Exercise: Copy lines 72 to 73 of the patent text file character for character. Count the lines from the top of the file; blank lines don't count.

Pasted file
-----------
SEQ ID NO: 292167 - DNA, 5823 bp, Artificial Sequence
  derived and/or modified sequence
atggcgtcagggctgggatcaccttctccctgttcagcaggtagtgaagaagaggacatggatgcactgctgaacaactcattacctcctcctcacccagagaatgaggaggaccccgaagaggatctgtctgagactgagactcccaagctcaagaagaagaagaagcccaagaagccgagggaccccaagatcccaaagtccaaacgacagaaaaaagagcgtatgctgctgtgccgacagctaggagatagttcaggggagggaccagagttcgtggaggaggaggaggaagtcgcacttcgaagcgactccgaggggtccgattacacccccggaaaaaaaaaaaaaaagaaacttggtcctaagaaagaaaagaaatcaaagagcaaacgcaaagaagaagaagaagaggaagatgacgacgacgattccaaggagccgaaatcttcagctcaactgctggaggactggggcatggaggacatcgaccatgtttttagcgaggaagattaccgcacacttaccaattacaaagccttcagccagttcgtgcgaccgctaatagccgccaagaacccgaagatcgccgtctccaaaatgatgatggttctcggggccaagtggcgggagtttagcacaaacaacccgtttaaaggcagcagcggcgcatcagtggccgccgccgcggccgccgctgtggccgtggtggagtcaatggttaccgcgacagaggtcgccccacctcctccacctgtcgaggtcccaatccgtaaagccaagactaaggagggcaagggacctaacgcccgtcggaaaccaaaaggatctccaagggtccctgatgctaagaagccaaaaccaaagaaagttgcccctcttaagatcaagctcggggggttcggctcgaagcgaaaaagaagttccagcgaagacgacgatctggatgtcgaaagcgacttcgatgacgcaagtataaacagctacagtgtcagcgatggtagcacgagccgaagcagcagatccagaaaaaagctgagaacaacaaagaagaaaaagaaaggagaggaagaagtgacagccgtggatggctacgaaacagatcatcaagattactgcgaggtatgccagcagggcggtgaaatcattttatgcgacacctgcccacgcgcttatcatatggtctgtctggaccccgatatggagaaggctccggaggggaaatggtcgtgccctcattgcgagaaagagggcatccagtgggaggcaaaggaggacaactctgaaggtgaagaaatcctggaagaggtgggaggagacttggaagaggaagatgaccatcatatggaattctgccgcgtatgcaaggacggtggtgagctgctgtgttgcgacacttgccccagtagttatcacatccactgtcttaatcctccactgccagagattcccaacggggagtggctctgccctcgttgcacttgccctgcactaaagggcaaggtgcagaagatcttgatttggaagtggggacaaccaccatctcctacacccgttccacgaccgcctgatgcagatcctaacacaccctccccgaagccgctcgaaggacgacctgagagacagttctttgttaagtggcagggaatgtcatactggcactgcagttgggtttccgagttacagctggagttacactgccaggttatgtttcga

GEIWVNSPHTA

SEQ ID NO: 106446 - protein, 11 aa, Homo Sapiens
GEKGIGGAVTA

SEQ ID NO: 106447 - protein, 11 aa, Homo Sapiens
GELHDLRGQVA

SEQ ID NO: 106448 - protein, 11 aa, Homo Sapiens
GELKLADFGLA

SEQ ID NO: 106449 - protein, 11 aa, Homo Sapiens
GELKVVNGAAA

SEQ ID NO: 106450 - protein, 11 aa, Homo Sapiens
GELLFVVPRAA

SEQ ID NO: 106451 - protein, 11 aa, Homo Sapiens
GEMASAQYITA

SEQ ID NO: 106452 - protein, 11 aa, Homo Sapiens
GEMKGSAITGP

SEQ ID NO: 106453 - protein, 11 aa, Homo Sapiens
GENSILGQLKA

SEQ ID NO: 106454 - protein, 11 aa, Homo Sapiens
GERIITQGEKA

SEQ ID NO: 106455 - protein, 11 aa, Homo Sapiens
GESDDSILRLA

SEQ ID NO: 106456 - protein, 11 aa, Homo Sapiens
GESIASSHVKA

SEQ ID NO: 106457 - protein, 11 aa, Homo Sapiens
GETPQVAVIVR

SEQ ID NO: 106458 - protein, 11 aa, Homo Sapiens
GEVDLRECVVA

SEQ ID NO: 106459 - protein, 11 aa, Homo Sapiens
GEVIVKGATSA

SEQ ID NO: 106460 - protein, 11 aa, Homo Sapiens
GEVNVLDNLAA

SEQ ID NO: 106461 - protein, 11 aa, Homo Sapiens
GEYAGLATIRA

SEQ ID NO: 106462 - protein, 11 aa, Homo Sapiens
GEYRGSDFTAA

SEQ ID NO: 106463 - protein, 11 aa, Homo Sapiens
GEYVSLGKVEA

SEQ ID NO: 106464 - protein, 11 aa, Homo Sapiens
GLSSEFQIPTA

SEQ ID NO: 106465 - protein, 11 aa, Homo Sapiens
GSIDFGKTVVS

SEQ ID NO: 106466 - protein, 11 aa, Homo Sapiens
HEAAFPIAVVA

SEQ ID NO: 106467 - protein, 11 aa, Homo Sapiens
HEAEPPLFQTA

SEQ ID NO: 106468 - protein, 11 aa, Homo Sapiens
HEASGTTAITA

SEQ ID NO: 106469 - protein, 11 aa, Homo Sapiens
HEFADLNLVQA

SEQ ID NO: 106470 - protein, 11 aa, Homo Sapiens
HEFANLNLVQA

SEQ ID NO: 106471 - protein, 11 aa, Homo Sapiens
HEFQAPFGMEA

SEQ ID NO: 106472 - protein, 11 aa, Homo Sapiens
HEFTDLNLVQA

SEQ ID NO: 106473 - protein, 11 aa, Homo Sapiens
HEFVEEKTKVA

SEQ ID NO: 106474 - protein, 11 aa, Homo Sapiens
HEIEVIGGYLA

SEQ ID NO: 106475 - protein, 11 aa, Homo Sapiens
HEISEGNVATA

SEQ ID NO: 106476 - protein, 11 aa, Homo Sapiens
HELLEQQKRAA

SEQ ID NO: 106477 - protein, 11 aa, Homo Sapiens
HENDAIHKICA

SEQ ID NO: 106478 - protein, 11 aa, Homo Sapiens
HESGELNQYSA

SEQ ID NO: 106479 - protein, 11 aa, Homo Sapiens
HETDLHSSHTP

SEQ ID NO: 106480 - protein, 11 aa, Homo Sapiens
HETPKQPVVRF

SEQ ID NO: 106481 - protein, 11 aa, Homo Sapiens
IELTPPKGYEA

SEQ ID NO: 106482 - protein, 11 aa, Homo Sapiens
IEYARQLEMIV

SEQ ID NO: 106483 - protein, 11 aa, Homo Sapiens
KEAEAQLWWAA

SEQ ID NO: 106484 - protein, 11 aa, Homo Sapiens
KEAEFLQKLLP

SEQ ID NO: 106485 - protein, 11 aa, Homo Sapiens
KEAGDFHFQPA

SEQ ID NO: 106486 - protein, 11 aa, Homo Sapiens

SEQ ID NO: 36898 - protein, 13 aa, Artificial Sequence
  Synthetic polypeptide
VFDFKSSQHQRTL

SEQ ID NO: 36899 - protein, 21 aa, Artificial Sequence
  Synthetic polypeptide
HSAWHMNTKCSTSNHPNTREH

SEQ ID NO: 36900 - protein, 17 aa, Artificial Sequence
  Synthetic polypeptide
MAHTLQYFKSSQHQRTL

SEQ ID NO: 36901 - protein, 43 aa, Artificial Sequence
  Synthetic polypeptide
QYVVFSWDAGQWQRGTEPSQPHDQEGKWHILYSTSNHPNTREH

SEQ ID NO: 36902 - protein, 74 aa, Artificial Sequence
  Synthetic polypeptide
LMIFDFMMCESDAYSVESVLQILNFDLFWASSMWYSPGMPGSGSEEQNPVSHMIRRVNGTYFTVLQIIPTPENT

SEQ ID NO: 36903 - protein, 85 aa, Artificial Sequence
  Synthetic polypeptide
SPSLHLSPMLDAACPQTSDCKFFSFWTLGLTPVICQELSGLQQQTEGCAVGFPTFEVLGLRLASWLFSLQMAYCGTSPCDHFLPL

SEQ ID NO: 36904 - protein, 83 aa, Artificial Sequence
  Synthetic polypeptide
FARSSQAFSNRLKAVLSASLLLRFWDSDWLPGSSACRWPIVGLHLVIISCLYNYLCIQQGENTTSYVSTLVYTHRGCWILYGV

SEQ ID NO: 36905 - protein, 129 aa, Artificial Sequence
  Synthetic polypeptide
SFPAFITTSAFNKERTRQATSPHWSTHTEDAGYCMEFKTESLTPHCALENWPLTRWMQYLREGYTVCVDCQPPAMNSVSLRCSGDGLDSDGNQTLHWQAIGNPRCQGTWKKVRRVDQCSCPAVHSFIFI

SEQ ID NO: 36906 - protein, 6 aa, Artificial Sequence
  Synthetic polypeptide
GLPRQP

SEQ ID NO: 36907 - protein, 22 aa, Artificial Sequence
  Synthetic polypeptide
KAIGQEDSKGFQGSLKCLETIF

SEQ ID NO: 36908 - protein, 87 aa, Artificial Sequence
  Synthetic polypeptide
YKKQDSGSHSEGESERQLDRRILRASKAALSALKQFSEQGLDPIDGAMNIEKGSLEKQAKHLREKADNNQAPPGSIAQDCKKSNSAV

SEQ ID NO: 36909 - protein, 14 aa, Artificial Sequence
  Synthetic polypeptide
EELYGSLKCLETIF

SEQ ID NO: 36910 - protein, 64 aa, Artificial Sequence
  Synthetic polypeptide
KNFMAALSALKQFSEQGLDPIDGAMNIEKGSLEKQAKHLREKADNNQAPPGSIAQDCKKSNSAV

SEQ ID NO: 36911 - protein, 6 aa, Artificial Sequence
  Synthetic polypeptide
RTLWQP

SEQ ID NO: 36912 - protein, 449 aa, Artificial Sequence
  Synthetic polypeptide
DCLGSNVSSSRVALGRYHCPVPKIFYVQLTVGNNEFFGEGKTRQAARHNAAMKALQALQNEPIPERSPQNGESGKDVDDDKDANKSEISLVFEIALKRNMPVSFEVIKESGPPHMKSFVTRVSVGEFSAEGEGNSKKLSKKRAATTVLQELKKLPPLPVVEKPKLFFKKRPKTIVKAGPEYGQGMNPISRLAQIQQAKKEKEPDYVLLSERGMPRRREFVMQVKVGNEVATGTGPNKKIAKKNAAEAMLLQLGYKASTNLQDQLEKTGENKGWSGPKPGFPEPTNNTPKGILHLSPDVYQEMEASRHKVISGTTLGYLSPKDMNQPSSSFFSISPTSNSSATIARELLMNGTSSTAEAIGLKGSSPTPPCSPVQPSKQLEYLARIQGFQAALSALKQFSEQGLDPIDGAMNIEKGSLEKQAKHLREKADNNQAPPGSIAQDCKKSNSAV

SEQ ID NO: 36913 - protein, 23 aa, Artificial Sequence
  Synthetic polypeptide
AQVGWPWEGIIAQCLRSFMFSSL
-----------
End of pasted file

HETDLHSSHTP

SEQ ID NO: 106480 - protein, 11 aa, Homo Sapiens